Western is about to get a whole lot greener – eventually.  Last year, $263,000 from the Green Energy Fee was awarded to five student-designed projects. Western’s Green Energy Fee provides money for student-created projects that promote experiential learning opportunities and sustainable practices on campus, according to an email from Associated Students Vice President for Student Life Sara Richards.

These projects were chosen on how well they exemplified the Green Energy Fee Program mission statement, which includes increasing student involvement and education, reducing Western’s environmental impact and creating an aware and engaged campus community, according to the Green Energy Fee website.

None of the projects have a specific finish date, except for the solar array panels on top of the Environmental Studies building, said Kathryn Freeman, the Green Energy Fee Grant Program coordinator. On Nov. 3, A&R Solar, a company based out of Seattle, proposed the lowest bid and was deemed the tentative contractor on the project. 

Parking Lot LED Lighting Retrofitting
This $61,000 project will replace the current parking-lot lighting fixtures in the south campus C-Lots with energy-efficient LED (Light Emitting Diodes) lighting.

The project is currently in the estimation process by Western’s Facilities Management, which takes four to five weeks. During this process, the assessment of how much the project will cost is determined. On top of that, the educational aspect of the project still needs to be developed and implemented on and off site, Richards said. 

“Think Outside the Bottle” Water Bottle Refilling Stations
Senior Anna Amundson, along with the Students for Sustainable Water club, proposed installing water bottle refilling stations on Western’s campus. The second floor of Old Main, the first floor of Arntzen Hall and across from the reception desk at the Wade King Student Recreation Center, Amundson said.  These water fountains will promote reusable water bottle usage and the decrease – and hopefully the removal – of bottles of water sold on campus, Amundson said.

“I think it’s really important because other schools are taking that step towards making the students and staff be more conscious of their environmental impact,” Amundson said. “We are supposed to be green, but we don’t have these.”

This project was awarded $21,000, and the design for the refilling stations includes a counter that shows how many plastic bottles are being saved with the usage of each station, Amundson said.

The project is currently in the estimation process by Western’s Facilities Management. Richards said the projects’ educational components are awaiting the inclusion of information about the Lake Whatcom water supply and quality, as well as water bottles with labels promoting the project and the Green Energy Fee program.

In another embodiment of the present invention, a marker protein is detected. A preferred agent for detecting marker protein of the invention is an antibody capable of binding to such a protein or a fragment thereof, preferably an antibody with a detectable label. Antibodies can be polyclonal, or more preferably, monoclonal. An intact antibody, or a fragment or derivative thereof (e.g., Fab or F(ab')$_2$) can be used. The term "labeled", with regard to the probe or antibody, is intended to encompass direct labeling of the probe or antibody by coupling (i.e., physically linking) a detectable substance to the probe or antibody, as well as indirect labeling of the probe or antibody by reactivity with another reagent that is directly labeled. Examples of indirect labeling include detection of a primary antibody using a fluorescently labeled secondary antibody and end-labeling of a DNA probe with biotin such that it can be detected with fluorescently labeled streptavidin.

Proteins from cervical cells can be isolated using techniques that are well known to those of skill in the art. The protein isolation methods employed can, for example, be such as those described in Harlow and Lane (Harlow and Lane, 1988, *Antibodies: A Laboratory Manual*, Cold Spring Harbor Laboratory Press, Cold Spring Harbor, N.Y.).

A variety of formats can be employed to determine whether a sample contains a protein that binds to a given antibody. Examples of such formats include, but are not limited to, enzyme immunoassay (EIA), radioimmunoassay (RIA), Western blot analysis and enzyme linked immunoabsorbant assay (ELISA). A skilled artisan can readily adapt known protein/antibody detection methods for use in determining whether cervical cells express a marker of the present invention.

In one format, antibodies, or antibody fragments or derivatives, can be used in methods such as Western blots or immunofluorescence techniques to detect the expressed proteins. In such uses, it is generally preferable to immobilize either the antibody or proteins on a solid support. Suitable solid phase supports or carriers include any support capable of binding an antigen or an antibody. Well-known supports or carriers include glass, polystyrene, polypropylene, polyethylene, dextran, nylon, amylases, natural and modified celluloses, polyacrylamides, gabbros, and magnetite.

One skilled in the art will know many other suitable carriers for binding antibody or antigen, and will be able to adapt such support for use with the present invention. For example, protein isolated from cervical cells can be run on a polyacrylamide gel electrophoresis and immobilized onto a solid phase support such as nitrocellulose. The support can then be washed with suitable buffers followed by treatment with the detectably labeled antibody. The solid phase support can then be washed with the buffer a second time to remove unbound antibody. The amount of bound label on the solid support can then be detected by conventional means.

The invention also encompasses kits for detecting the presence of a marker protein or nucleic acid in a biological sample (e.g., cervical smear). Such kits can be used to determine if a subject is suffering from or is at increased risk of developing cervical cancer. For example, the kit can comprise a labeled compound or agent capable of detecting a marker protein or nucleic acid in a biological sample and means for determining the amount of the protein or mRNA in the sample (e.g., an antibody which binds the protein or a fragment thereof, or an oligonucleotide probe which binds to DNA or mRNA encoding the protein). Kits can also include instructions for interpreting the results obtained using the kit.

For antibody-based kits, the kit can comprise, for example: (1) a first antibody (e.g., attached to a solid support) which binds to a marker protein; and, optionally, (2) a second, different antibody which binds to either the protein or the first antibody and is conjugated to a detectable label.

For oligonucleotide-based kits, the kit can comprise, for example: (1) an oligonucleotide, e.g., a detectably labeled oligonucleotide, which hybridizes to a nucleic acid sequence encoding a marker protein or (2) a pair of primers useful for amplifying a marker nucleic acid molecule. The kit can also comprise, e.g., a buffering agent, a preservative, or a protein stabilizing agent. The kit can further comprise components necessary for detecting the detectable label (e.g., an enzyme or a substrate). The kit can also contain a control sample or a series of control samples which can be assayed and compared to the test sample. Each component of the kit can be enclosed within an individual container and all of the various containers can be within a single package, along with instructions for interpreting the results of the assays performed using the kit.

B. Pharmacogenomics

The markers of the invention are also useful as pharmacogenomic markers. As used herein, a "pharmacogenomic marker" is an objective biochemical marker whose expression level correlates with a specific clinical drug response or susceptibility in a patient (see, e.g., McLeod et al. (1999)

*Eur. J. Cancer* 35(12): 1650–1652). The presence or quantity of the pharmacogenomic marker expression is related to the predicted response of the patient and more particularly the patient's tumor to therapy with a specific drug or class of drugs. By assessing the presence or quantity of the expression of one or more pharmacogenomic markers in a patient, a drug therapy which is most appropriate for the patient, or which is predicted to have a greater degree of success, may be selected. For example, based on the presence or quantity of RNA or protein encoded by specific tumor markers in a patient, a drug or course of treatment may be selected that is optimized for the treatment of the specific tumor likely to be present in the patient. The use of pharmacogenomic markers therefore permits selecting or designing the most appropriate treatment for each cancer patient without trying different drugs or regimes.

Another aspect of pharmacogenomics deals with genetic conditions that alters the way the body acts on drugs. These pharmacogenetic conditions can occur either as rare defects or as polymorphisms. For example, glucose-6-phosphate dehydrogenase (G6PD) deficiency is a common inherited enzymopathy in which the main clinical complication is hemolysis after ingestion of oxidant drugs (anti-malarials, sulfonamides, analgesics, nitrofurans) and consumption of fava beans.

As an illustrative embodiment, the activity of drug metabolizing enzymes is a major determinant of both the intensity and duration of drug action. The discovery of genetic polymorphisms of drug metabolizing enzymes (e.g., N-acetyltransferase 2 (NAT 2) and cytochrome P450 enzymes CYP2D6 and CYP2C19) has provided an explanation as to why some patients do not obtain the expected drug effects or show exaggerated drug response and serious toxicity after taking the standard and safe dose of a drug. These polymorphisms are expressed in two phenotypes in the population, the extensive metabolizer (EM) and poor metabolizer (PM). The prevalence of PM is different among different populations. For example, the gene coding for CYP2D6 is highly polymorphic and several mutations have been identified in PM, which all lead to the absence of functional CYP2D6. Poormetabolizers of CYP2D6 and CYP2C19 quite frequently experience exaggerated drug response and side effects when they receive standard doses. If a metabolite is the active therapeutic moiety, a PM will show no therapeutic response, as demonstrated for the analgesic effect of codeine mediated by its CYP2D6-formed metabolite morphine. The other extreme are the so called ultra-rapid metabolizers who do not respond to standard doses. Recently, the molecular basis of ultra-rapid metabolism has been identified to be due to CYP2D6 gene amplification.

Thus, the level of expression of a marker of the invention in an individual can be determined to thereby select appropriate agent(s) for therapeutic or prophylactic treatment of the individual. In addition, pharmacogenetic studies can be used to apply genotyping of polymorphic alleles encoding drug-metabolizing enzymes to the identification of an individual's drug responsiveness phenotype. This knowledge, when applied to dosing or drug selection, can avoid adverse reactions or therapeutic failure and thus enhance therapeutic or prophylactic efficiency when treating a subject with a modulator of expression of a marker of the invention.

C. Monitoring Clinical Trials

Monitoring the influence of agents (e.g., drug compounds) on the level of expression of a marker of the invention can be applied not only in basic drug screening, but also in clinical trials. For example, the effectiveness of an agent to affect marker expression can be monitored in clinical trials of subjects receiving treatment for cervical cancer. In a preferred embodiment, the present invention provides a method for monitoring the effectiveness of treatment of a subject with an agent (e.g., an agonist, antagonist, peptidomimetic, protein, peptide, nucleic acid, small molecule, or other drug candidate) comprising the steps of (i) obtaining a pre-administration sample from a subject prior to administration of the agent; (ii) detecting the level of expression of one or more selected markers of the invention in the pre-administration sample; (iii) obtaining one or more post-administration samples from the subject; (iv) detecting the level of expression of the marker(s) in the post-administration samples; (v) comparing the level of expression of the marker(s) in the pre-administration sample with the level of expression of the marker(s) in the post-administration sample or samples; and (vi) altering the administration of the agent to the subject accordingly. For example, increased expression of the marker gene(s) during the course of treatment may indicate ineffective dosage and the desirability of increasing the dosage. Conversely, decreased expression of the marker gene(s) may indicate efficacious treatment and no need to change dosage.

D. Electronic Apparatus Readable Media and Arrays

The project was originally slated to be finished fall 2011.

High-Speed Air Hand Dryers
Junior Bodie Cabiyo and two other students proposed replacing the paper towel dispensers and reducing waste in select bathrooms throughout Western by installing air hand dryers. The project was awarded $13,000.

This project is in the estimation process by Western’s Facilities Management, Freeman said.

The method to evaluate the effectiveness of the projects, a requirement of all the Green Energy Fee proposals, still needs to be submitted, Richards said. The appropriate hand-dryer make and model still needs to be decided.

Compostable Trash Bags
Greg Meyer and his group were awarded $1,400 to replace the plastic trash bags on the first and second floor bathrooms of Wilson Library with compostable trash bags.

The educational component piece of this project has yet to be created, so the project cannot proceed until that is submitted, Richards said.

The project is in the final estimation stages with Western’s Facilities Management.

Environmental Studies Building Solar Array
The project awarded the most money is the installation of a 5-killowat (kWh) solar array on the Environmental Studies building’s south-facing roof.  The implementation of the solar array will assist in adopting on-campus renewable solar energy.

Since this is the project costs more than $90,000 – the project was granted $167,500 – it will be carried out as a public works project, meaning an outside contractor does the job. The development of a contract is the next step in the process, Freeman said.

“Because of the location of the array, and since facilities has rules about interfering with the learning environment on campus, the construction will have to happen over an academic break,” Freeman said.

“And since it’s outdoors, the plan is to do construction over spring break.”